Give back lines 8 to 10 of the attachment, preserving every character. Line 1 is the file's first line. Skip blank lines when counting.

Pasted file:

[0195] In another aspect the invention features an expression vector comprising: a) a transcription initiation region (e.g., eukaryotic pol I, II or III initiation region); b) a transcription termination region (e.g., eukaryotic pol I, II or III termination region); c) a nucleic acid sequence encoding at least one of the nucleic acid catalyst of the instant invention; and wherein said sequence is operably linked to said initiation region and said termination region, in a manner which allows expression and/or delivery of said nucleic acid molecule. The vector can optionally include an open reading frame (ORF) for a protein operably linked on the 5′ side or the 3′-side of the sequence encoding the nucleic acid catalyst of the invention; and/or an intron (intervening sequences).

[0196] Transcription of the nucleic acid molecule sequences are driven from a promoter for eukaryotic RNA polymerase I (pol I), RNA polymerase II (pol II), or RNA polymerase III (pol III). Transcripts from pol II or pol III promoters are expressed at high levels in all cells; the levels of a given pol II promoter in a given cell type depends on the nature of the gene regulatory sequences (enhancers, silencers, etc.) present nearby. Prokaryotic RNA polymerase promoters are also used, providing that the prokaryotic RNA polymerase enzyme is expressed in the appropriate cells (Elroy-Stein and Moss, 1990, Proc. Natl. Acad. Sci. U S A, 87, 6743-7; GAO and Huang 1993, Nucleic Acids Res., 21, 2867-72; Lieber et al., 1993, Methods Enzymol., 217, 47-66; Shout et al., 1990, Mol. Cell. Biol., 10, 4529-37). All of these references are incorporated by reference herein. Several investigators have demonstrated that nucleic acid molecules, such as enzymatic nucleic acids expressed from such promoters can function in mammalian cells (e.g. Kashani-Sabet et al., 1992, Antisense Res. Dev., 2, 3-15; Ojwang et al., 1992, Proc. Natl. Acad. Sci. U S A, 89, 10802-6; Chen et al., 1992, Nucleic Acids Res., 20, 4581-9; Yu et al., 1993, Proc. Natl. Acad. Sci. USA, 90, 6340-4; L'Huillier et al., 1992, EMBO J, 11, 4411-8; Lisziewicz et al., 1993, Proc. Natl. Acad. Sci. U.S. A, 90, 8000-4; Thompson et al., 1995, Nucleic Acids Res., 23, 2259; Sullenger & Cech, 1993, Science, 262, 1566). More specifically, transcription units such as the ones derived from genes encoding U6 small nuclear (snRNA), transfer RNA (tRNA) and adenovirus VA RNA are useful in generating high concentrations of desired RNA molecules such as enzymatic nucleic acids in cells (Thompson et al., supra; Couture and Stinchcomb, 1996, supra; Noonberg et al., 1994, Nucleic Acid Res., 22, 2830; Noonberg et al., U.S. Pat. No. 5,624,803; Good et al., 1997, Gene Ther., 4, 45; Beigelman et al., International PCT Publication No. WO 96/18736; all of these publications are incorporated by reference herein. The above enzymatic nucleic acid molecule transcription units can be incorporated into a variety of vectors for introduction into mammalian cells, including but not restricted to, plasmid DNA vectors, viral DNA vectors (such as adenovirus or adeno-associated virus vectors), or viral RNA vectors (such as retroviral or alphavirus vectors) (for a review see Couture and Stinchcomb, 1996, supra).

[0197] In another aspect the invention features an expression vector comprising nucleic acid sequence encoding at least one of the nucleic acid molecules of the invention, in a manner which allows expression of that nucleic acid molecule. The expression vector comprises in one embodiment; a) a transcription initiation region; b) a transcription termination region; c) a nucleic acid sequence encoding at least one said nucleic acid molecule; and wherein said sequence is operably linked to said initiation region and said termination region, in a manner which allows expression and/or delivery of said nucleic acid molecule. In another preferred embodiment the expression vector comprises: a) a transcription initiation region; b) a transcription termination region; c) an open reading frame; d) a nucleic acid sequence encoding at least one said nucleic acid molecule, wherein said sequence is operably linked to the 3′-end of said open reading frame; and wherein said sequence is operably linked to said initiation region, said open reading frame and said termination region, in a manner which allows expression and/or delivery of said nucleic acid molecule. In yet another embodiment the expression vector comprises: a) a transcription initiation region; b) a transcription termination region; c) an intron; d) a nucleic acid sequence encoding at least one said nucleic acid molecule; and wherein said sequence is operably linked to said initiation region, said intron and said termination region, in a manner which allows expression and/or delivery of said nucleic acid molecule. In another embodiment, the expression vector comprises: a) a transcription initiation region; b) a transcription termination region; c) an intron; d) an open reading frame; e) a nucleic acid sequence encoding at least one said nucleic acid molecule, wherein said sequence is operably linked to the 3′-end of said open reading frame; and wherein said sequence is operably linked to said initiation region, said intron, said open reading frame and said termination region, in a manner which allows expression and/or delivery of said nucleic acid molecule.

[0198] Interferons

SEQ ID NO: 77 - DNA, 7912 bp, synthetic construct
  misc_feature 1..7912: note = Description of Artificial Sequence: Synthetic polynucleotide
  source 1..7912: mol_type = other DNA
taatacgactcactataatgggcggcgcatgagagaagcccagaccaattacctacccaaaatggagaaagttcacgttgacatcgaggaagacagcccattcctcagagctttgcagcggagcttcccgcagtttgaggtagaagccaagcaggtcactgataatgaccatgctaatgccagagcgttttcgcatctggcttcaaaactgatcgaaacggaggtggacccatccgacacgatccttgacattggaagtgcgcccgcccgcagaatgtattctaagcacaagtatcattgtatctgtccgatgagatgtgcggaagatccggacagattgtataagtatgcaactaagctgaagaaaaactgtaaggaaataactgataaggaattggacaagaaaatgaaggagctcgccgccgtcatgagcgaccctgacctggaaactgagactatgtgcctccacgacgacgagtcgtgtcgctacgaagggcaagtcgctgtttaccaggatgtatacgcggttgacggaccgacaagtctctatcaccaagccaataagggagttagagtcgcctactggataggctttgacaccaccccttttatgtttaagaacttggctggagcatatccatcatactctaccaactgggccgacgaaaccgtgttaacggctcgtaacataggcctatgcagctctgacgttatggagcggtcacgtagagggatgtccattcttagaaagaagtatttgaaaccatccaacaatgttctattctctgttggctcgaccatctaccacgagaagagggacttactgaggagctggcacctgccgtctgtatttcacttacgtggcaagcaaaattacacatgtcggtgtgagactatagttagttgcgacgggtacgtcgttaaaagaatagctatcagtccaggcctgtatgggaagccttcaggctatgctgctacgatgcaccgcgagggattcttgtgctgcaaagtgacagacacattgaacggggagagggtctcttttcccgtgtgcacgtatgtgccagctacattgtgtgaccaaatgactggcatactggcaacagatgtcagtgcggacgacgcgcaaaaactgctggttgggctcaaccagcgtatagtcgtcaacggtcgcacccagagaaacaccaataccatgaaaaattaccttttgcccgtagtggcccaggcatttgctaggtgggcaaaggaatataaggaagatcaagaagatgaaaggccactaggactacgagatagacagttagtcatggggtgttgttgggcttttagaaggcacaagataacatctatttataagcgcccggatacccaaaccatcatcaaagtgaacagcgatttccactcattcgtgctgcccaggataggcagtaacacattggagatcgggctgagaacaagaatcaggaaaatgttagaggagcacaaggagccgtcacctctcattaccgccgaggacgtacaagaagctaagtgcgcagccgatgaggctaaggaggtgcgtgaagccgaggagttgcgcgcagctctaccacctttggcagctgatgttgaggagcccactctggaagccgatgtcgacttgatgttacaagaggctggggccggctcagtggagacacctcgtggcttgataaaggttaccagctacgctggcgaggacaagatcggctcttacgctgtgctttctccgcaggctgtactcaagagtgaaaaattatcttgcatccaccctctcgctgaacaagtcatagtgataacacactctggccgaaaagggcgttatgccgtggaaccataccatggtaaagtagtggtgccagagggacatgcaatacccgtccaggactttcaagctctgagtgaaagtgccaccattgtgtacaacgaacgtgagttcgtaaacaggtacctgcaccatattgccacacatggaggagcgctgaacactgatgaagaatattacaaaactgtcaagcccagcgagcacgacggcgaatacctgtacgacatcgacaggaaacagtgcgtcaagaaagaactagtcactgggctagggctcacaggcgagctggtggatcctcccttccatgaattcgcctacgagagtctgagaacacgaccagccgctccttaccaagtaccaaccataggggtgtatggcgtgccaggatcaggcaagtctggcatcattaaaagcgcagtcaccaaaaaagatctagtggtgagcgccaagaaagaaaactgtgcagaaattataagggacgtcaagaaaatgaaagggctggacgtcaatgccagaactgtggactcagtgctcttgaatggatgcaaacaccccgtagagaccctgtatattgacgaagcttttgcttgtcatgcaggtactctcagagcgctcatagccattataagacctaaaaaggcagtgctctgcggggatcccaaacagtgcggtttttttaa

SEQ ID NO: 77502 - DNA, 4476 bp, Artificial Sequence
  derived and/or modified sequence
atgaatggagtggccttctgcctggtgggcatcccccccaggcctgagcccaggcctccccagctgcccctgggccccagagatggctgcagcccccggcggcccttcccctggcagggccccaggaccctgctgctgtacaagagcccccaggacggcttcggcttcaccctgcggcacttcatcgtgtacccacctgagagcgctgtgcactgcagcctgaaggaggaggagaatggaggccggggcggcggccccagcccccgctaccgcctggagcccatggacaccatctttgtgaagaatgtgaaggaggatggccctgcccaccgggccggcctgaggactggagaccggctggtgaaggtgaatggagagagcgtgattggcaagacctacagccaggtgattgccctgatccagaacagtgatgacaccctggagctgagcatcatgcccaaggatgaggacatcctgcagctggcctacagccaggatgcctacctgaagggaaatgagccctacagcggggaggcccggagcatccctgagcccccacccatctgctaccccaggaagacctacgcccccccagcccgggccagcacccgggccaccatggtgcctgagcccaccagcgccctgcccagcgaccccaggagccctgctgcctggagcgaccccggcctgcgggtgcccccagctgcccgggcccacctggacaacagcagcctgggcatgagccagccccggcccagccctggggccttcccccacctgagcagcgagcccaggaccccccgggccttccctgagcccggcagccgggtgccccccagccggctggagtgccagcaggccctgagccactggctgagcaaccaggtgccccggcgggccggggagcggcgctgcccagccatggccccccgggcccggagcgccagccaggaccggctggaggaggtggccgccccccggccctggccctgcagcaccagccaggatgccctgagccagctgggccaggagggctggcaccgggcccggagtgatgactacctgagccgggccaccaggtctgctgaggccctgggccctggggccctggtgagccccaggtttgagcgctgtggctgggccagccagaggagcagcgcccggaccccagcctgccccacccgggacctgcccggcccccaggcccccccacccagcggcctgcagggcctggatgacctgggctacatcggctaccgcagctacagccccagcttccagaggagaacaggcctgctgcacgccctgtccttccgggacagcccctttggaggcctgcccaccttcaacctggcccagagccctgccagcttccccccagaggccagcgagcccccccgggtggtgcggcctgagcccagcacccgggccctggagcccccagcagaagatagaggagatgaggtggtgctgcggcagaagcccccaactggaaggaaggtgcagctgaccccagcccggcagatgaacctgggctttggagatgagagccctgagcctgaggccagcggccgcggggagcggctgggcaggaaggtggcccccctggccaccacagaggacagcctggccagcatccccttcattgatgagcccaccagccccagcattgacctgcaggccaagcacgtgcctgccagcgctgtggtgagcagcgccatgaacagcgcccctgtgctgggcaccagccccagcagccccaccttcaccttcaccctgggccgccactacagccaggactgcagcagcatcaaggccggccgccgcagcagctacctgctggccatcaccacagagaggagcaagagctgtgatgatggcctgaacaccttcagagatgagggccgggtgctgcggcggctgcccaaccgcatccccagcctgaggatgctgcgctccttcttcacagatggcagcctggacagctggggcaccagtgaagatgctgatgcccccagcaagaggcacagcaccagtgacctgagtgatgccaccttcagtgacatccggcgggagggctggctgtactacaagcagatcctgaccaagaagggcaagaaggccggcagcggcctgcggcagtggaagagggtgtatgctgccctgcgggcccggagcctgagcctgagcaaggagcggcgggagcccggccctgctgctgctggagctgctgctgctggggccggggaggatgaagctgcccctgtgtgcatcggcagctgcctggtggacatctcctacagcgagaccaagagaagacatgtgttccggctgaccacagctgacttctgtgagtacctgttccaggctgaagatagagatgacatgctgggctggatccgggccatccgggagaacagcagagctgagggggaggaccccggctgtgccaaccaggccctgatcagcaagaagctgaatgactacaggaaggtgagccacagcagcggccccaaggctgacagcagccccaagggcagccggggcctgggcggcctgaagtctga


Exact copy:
taatacgactcactataatgggcggcgcatgagagaagcccagaccaattacctacccaaaatggagaaagttcacgttgacatcgaggaagacagcccattcctcagagctttgcagcggagcttcccgcagtttgaggtagaagccaagcaggtcactgataatgaccatgctaatgccagagcgttttcgcatctggcttcaaaactgatcgaaacggaggtggacccatccgacacgatccttgacattggaagtgcgcccgcccgcagaatgtattctaagcacaagtatcattgtatctgtccgatgagatgtgcggaagatccggacagattgtataagtatgcaactaagctgaagaaaaactgtaaggaaataactgataaggaattggacaagaaaatgaaggagctcgccgccgtcatgagcgaccctgacctggaaactgagactatgtgcctccacgacgacgagtcgtgtcgctacgaagggcaagtcgctgtttaccaggatgtatacgcggttgacggaccgacaagtctctatcaccaagccaataagggagttagagtcgcctactggataggctttgacaccaccccttttatgtttaagaacttggctggagcatatccatcatactctaccaactgggccgacgaaaccgtgttaacggctcgtaacataggcctatgcagctctgacgttatggagcggtcacgtagagggatgtccattcttagaaagaagtatttgaaaccatccaacaatgttctattctctgttggctcgaccatctaccacgagaagagggacttactgaggagctggcacctgccgtctgtatttcacttacgtggcaagcaaaattacacatgtcggtgtgagactatagttagttgcgacgggtacgtcgttaaaagaatagctatcagtccaggcctgtatgggaagccttcaggctatgctgctacgatgcaccgcgagggattcttgtgctgcaaagtgacagacacattgaacggggagagggtctcttttcccgtgtgcacgtatgtgccagctacattgtgtgaccaaatgactggcatactggcaacagatgtcagtgcggacgacgcgcaaaaactgctggttgggctcaaccagcgtatagtcgtcaacggtcgcacccagagaaacaccaataccatgaaaaattaccttttgcccgtagtggcccaggcatttgctaggtgggcaaaggaatataaggaagatcaagaagatgaaaggccactaggactacgagatagacagttagtcatggggtgttgttgggcttttagaaggcacaagataacatctatttataagcgcccggatacccaaaccatcatcaaagtgaacagcgatttccactcattcgtgctgcccaggataggcagtaacacattggagatcgggctgagaacaagaatcaggaaaatgttagaggagcacaaggagccgtcacctctcattaccgccgaggacgtacaagaagctaagtgcgcagccgatgaggctaaggaggtgcgtgaagccgaggagttgcgcgcagctctaccacctttggcagctgatgttgaggagcccactctggaagccgatgtcgacttgatgttacaagaggctggggccggctcagtggagacacctcgtggcttgataaaggttaccagctacgctggcgaggacaagatcggctcttacgctgtgctttctccgcaggctgtactcaagagtgaaaaattatcttgcatccaccctctcgctgaacaagtcatagtgataacacactctggccgaaaagggcgttatgccgtggaaccataccatggtaaagtagtggtgccagagggacatgcaatacccgtccaggactttcaagctctgagtgaaagtgccaccattgtgtacaacgaacgtgagttcgtaaacaggtacctgcaccatattgccacacatggaggagcgctgaacactgatgaagaatattacaaaactgtcaagcccagcgagcacgacggcgaatacctgtacgacatcgacaggaaacagtgcgtcaagaaagaactagtcactgggctagggctcacaggcgagctggtggatcctcccttccatgaattcgcctacgagagtctgagaacacgaccagccgctccttaccaagtaccaaccataggggtgtatggcgtgccaggatcaggcaagtctggcatcattaaaagcgcagtcaccaaaaaagatctagtggtgagcgccaagaaagaaaactgtgcagaaattataagggacgtcaagaaaatgaaagggctggacgtcaatgccagaactgtggactcagtgctcttgaatggatgcaaacaccccgtagagaccctgtatattgacgaagcttttgcttgtcatgcaggtactctcagagcgctcatagccattataagacctaaaaaggcagtgctctgcggggatcccaaacagtgcggtttttttaa

SEQ ID NO: 77502 - DNA, 4476 bp, Artificial Sequence
  derived and/or modified sequence